The therapy is approved in the U.S. and Europe to treat metastatic hormone-sensitive prostate cancer (mHSPC) in combination with androgen deprivation therapy (ADT), and to treat non-metastatic castration-resistant prostate cancer (nmCRPC) in patients who are at high risk of developing metastatic disease. Metastatic prostate cancer refers to prostate cancer that has spread from the prostate to other areas of the body.
How does Erleada work?
The prostate is a small gland in the groin that is important for the production of seminal fluid. Androgens are male sex hormones that play a critical role in the development and function of the prostate. In cancer, androgen signaling promotes cancer growth.
The first line of treatment for prostate cancer is usually ADT. However, nearly all patients progress to a more aggressive, castration-resistant cancer type, which has abnormal androgen-receptor signaling. This is because the cancerous cells are producing more of the androgen receptor or more androgens to activate the receptors.
Erleada contains a small molecule called apalutamide, which binds to androgen receptors — preventing them from signaling and making the receptors unavailable to bind to androgens.
Erleada in clinical trials
A Phase 3 clinical trial (NCT02489318) called TITAN is testing Erleada plus ADT versus ADT alone in patients with mHSPC. Patients are treated until disease progression or the occurrence of treatment-related toxicity. The primary outcomes of the study are overall survival and progression-free survival.
Preliminary results from the trial, which were published in The New England Journal of Medicine, revealed that Erleada plus ADT therapy significantly improved overall survival compared to ADT alone with a 33% reduction in the risk of death. The two-year overall survival rates, after a median follow-up of 22.7 months, were 82% for Erleada plus ADT compared to 74% for ADT alone.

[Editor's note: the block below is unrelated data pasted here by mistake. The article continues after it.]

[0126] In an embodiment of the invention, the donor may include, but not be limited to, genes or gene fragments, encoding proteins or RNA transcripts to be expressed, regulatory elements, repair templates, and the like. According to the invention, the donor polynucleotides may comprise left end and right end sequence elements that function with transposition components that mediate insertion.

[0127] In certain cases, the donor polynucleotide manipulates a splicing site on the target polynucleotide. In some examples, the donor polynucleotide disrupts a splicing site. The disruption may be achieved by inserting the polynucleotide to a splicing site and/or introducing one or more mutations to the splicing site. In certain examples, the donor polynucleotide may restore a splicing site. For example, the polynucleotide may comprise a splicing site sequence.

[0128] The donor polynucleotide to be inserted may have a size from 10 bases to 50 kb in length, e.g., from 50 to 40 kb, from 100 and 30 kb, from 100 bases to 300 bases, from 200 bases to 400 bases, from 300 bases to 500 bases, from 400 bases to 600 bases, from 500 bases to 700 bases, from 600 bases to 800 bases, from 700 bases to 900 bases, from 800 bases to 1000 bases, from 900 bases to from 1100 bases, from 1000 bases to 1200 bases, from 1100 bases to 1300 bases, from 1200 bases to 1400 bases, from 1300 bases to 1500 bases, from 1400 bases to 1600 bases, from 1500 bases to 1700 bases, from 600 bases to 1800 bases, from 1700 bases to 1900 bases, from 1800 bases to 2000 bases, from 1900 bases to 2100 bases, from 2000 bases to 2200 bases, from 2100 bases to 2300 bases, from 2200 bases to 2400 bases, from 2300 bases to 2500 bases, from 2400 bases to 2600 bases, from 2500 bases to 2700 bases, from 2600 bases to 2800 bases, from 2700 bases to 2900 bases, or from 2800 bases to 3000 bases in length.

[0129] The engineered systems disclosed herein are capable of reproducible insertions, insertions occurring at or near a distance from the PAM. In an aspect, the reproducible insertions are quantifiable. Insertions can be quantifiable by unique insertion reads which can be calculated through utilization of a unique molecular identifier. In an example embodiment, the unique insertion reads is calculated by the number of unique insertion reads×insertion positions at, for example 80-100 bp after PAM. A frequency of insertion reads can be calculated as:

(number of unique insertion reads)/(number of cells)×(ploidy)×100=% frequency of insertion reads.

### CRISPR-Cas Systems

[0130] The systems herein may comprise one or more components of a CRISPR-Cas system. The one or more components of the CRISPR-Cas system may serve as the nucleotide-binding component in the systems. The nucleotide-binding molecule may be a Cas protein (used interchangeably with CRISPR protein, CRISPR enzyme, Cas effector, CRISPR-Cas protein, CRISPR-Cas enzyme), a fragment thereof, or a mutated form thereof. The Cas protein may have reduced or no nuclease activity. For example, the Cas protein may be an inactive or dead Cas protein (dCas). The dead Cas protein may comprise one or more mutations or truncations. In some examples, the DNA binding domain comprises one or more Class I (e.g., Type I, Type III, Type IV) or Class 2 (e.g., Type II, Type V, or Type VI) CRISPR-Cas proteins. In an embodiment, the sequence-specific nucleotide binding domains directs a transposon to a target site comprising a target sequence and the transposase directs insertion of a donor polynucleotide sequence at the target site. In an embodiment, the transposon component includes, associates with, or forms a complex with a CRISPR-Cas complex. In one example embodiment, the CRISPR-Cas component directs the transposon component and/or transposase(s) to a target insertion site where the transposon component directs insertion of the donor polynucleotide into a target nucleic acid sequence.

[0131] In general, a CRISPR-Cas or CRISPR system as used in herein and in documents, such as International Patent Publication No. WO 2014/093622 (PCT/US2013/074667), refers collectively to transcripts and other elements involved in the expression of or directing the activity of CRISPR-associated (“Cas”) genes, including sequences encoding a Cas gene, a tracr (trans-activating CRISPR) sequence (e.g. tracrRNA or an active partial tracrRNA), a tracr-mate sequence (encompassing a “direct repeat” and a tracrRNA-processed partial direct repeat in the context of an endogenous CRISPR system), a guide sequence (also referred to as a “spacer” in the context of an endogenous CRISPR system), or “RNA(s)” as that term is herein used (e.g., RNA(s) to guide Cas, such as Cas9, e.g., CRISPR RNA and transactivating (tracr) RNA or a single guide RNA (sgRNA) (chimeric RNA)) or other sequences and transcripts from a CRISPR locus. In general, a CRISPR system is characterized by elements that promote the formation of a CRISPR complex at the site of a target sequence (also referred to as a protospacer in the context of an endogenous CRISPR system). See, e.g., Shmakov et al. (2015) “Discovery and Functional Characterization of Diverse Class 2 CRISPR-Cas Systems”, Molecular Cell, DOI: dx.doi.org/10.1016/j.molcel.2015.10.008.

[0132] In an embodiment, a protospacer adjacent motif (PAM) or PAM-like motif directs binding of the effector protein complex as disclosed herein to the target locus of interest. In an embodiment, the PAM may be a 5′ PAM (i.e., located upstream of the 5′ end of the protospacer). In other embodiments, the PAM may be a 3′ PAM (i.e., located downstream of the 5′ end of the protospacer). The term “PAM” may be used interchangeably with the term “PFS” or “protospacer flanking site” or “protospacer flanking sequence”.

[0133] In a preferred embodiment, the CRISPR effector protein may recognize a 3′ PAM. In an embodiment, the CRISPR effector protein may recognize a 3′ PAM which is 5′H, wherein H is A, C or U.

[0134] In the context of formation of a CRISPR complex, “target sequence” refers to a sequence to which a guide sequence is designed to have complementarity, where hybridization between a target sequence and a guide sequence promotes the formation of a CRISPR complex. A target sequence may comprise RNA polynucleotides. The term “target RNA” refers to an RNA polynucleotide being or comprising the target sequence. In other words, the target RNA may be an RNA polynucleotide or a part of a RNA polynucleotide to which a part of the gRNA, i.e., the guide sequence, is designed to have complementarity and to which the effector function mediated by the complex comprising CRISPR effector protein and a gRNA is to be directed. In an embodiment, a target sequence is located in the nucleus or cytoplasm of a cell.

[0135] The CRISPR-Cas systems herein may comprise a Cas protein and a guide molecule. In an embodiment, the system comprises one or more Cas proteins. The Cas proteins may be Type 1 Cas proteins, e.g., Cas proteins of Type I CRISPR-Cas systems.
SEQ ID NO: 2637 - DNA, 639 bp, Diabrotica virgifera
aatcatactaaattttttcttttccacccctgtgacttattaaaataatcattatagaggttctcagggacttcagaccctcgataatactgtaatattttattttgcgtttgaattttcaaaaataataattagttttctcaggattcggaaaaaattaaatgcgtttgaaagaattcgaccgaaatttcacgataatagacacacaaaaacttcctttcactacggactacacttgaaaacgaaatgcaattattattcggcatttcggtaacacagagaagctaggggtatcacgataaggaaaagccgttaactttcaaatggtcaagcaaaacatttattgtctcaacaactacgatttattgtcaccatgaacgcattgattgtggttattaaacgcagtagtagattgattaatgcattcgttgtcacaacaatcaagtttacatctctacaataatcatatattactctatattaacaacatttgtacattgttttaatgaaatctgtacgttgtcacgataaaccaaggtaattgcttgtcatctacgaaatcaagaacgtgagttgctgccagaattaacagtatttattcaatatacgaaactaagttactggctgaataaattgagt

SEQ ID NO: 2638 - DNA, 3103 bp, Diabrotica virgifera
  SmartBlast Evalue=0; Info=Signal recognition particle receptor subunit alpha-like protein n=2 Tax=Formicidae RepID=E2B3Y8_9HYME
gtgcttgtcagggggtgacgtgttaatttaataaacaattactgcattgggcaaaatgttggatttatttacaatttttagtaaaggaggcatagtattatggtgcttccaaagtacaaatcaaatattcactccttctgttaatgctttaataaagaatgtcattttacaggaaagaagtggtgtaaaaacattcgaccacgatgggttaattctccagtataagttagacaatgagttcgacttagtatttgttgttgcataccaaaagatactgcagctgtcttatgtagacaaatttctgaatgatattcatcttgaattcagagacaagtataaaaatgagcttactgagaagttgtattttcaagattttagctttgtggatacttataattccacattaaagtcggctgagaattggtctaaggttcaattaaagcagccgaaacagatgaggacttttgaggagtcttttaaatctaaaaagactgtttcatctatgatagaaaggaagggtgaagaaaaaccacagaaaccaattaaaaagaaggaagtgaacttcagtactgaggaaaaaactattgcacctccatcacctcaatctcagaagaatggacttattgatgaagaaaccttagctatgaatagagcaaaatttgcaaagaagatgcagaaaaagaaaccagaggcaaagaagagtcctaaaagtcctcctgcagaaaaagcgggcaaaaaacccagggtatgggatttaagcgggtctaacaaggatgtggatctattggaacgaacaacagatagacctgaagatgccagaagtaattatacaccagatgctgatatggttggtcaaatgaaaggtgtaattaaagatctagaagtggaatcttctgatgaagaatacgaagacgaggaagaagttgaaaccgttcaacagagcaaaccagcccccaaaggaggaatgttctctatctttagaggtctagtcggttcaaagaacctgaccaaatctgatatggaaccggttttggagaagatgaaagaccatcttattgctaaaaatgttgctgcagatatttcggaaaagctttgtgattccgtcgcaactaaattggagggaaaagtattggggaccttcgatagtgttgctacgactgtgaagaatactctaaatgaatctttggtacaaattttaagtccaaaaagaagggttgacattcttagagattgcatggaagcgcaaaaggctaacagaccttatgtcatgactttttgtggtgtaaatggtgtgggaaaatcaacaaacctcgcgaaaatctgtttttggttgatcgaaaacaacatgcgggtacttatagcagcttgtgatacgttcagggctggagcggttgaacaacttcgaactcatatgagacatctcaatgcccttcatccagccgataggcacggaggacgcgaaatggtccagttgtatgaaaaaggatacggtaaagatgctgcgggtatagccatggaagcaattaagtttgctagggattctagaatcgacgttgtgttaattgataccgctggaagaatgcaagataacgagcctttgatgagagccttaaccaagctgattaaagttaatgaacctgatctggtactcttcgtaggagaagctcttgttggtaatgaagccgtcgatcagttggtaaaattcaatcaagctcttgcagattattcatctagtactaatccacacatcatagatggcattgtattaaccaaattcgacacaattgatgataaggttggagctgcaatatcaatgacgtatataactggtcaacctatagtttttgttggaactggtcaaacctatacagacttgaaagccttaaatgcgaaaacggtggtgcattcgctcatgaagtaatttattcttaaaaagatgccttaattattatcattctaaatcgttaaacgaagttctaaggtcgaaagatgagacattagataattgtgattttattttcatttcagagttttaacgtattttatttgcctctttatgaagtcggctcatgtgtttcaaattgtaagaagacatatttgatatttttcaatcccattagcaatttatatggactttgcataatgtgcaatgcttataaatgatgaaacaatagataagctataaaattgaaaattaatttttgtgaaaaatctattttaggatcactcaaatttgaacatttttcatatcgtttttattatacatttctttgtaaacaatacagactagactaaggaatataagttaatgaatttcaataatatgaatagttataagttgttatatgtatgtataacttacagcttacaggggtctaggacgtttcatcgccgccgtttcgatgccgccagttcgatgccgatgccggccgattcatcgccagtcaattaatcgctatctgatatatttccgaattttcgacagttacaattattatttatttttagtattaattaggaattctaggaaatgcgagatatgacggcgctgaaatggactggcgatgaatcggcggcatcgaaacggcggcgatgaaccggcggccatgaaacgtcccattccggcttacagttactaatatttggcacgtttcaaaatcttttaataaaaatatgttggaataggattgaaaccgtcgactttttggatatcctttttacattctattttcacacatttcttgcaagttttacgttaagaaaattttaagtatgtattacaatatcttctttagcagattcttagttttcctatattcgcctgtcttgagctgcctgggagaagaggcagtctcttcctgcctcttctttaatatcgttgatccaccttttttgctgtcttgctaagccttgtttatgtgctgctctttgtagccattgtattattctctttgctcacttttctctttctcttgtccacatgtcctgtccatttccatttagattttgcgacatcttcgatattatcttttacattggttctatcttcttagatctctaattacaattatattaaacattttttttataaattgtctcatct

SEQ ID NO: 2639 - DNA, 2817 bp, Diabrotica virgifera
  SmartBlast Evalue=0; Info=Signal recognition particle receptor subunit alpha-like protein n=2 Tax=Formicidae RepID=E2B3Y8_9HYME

The safety of Erleada plus ADT was consistent with previous studies; 42% of patients who received Erleada plus ADT experienced grade 3 or 4 adverse events, compared to 41% for patients receiving only ADT. The most common adverse events were high blood pressure and skin rash. Eight percent of patients in the Erleada group discontinued treatment due to adverse events, compared with 5% in the ADT-only group.
The trial is still ongoing and expected to be completed in July 2021.
Several clinical trials are recruiting prostate cancer patients now, or in the near future, to further test the effects of Erleada treatment in different populations and in combination with other therapies.
Last updated: Jan. 31, 2020
Prostate Cancer News Today is strictly a news and information website about the disease. It does not provide medical advice, diagnosis or treatment. This content is not intended to be a substitute for professional medical advice, diagnosis, or treatment. Always seek the advice of your physician or other qualified health provider with any questions you may have regarding a medical condition. Never disregard professional medical advice or delay in seeking it because of something you have read on this website.